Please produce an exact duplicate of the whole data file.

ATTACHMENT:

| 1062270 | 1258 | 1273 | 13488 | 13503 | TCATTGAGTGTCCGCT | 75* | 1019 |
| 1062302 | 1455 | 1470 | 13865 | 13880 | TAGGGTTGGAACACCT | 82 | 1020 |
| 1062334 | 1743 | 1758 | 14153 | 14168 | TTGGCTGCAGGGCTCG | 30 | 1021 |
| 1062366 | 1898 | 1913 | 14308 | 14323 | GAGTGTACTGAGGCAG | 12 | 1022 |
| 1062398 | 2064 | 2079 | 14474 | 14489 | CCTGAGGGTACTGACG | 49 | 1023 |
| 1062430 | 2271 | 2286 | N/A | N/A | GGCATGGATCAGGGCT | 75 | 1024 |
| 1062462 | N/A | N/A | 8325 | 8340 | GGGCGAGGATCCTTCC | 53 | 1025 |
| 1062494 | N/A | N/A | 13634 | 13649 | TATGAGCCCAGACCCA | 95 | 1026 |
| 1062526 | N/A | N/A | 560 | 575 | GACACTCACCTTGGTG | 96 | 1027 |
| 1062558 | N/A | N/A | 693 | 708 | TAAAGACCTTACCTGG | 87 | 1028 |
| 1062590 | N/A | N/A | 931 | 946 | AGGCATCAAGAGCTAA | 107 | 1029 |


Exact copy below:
| 1062270 | 1258 | 1273 | 13488 | 13503 | TCATTGAGTGTCCGCT | 75* | 1019 |
| 1062302 | 1455 | 1470 | 13865 | 13880 | TAGGGTTGGAACACCT | 82 | 1020 |
| 1062334 | 1743 | 1758 | 14153 | 14168 | TTGGCTGCAGGGCTCG | 30 | 1021 |
| 1062366 | 1898 | 1913 | 14308 | 14323 | GAGTGTACTGAGGCAG | 12 | 1022 |
| 1062398 | 2064 | 2079 | 14474 | 14489 | CCTGAGGGTACTGACG | 49 | 1023 |
| 1062430 | 2271 | 2286 | N/A | N/A | GGCATGGATCAGGGCT | 75 | 1024 |
| 1062462 | N/A | N/A | 8325 | 8340 | GGGCGAGGATCCTTCC | 53 | 1025 |
| 1062494 | N/A | N/A | 13634 | 13649 | TATGAGCCCAGACCCA | 95 | 1026 |
| 1062526 | N/A | N/A | 560 | 575 | GACACTCACCTTGGTG | 96 | 1027 |
| 1062558 | N/A | N/A | 693 | 708 | TAAAGACCTTACCTGG | 87 | 1028 |
| 1062590 | N/A | N/A | 931 | 946 | AGGCATCAAGAGCTAA | 107 | 1029 |